Rory McIlroy admits he has been forced to take a selfish view on the exemption granted to him by the European Tour to play in the season-ending Race to Dubai events.
The ankle injury which forced McIlroy to sit out three tournaments this summer means he will not play the 13 events required to remain in the Race to Dubai, even though he currently leads the rankings.
European Tour chief executive Keith Pelley cited “exceptional circumstances” in granting McIlroy permission to play 12 events as he tries to win the Harry Vardon Trophy for the third time in four years.
While it means McIlroy is entitled to compete for the $5m bonus pool in November at the DP World Tour Championship it will also have a knock on effect on the top 60 who qualify for the $8m event in Dubai and the 110 players who keep their European Tour card for next season.
McIlroy says it is something he has already been thinking about and he feels it was not an easy decision for Tour chief Pelley to make.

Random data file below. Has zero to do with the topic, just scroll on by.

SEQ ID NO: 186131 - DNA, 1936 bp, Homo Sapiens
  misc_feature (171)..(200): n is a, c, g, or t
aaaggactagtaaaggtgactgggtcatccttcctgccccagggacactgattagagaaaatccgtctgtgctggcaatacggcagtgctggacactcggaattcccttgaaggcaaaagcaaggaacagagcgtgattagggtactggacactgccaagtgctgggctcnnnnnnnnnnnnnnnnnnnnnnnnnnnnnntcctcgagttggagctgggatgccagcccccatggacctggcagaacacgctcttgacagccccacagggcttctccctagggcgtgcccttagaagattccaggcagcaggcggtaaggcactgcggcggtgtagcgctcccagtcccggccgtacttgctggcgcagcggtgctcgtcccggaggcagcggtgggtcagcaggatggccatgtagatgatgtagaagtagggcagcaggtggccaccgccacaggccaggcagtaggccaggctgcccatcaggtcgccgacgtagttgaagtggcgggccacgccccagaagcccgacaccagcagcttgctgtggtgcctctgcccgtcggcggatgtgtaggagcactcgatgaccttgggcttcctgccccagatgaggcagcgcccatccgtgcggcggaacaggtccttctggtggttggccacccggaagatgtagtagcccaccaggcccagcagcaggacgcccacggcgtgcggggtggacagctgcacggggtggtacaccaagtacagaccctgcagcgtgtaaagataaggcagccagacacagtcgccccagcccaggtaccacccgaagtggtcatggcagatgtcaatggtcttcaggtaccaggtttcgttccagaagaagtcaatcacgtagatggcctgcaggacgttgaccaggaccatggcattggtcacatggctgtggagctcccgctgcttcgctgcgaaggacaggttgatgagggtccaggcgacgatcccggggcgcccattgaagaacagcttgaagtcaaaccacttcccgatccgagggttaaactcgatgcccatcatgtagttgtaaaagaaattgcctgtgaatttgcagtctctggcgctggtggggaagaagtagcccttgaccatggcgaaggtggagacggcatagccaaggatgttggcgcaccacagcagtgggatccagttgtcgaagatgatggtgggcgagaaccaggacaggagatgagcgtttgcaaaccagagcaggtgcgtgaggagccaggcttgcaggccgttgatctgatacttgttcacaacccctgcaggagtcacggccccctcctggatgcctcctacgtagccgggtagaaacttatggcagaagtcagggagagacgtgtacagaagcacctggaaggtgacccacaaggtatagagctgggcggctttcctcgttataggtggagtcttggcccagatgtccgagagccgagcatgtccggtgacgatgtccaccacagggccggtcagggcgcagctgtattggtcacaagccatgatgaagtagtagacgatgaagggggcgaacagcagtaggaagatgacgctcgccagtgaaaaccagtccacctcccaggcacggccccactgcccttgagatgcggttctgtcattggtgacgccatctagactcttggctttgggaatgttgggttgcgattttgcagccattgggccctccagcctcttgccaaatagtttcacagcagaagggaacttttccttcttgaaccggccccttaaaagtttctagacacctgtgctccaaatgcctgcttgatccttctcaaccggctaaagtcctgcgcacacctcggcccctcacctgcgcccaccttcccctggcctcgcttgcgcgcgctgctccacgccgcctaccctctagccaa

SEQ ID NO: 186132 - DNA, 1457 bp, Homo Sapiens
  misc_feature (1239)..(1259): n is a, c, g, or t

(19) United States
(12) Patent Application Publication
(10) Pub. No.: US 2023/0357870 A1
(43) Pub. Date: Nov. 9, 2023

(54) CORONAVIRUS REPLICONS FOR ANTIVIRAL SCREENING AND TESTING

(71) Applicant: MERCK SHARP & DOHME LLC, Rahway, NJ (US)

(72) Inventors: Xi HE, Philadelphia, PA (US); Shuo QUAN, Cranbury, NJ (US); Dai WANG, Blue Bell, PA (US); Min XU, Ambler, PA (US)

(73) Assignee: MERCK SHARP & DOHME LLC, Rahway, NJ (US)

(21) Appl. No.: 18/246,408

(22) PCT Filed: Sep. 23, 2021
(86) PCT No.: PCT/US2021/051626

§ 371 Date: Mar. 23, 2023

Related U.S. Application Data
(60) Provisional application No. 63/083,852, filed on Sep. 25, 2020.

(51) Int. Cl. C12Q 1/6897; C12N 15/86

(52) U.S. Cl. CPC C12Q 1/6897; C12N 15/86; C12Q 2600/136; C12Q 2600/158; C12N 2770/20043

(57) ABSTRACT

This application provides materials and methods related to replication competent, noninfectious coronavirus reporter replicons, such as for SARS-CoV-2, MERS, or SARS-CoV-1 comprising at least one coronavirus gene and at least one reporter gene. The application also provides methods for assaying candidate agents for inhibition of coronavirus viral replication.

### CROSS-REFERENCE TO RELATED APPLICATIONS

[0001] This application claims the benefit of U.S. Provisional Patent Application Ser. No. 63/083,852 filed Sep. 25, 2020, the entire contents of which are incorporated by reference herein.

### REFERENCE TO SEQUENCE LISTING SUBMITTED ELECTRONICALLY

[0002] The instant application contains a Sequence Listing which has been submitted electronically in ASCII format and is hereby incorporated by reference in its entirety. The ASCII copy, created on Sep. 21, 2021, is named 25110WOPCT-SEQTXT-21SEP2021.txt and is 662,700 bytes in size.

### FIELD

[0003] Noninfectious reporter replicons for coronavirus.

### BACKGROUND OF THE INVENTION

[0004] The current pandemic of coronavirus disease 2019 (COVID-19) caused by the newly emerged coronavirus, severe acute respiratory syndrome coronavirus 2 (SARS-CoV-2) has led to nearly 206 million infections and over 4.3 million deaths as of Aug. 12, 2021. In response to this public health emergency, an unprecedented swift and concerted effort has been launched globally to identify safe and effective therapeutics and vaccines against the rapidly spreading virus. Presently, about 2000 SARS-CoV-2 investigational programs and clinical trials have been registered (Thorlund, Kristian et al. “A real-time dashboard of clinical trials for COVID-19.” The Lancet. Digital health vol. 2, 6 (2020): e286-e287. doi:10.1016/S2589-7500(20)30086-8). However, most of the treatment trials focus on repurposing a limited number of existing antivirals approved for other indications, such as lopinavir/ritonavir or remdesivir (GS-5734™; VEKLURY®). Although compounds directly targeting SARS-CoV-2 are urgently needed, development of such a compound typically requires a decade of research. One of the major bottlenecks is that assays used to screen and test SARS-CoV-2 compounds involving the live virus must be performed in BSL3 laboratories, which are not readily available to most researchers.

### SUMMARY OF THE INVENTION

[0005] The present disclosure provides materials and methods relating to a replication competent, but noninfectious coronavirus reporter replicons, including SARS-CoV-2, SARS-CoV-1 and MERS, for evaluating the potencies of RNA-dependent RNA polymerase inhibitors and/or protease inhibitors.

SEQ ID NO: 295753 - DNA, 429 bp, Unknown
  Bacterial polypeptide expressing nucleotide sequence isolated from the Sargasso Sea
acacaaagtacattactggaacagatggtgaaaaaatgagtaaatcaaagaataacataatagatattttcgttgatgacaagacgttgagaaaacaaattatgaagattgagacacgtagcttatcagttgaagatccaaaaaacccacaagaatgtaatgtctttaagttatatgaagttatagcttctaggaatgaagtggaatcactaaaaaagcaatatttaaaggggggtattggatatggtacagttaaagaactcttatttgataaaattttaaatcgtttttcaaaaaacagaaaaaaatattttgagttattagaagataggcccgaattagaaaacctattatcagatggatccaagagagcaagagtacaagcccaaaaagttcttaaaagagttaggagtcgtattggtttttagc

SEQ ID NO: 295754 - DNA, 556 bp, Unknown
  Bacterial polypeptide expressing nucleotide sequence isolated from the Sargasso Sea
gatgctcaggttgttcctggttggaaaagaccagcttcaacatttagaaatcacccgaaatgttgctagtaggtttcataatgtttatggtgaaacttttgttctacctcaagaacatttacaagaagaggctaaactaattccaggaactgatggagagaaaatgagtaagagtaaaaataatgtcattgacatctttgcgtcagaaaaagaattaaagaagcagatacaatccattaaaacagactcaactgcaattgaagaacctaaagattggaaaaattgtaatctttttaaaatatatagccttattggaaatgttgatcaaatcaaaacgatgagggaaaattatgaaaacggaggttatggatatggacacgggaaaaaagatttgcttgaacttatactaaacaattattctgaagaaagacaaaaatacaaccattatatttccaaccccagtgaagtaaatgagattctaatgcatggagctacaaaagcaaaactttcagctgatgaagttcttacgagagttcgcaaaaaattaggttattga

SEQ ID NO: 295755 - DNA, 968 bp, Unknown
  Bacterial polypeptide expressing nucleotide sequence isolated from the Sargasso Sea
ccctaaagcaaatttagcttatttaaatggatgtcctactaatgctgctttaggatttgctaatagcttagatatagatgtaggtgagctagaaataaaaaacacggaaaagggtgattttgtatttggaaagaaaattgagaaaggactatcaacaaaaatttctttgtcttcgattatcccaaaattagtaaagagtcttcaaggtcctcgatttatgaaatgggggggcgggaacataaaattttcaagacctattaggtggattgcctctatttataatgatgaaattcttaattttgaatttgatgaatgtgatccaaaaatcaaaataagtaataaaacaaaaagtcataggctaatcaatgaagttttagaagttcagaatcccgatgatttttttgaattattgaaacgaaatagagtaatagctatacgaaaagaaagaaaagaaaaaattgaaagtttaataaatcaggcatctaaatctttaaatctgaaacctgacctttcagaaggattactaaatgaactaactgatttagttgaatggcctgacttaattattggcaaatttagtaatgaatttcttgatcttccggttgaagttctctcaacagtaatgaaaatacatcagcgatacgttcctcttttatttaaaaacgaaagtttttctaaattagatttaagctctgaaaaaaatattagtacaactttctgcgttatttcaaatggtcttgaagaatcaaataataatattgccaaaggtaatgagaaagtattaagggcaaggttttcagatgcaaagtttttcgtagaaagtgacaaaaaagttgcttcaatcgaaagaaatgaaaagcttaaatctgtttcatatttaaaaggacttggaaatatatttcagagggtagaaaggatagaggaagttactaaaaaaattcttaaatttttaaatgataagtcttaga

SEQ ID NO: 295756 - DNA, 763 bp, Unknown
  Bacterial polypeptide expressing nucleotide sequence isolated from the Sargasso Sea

“We had to be careful, especially because I’m included in the Race to Dubai now, so number 61 doesn’t get in, number 111 doesn’t get his card… so it was a tough decision for them (European Tour) to make.
“For me it’s more about the 111th guy, who loses his card. That’s the big thing. What do I do? Send him a bit of a Christmas present? It’s a hard one. I can’t really think of that.”
McIlroy is putting those thoughts to the back of his mind as he looks to end his injury interrupted season on a high note.
“If I was to look at it really selfishly the 111th guy could have made one more putt or cut to get his card. I just have to think about myself and take a bit of a selfish view of it, I’m afraid. But at the end of the day it’s not about the bonus pool, I want to win the Race to Dubai. If I can win the Race to Dubai playing 12 events… at least give me the opportunity,” he added.
McIlroy is 7.00 to win his first US Masters at Augusta next season with defending champion Jordan Spieth 7.50 and Jason Day 9.00.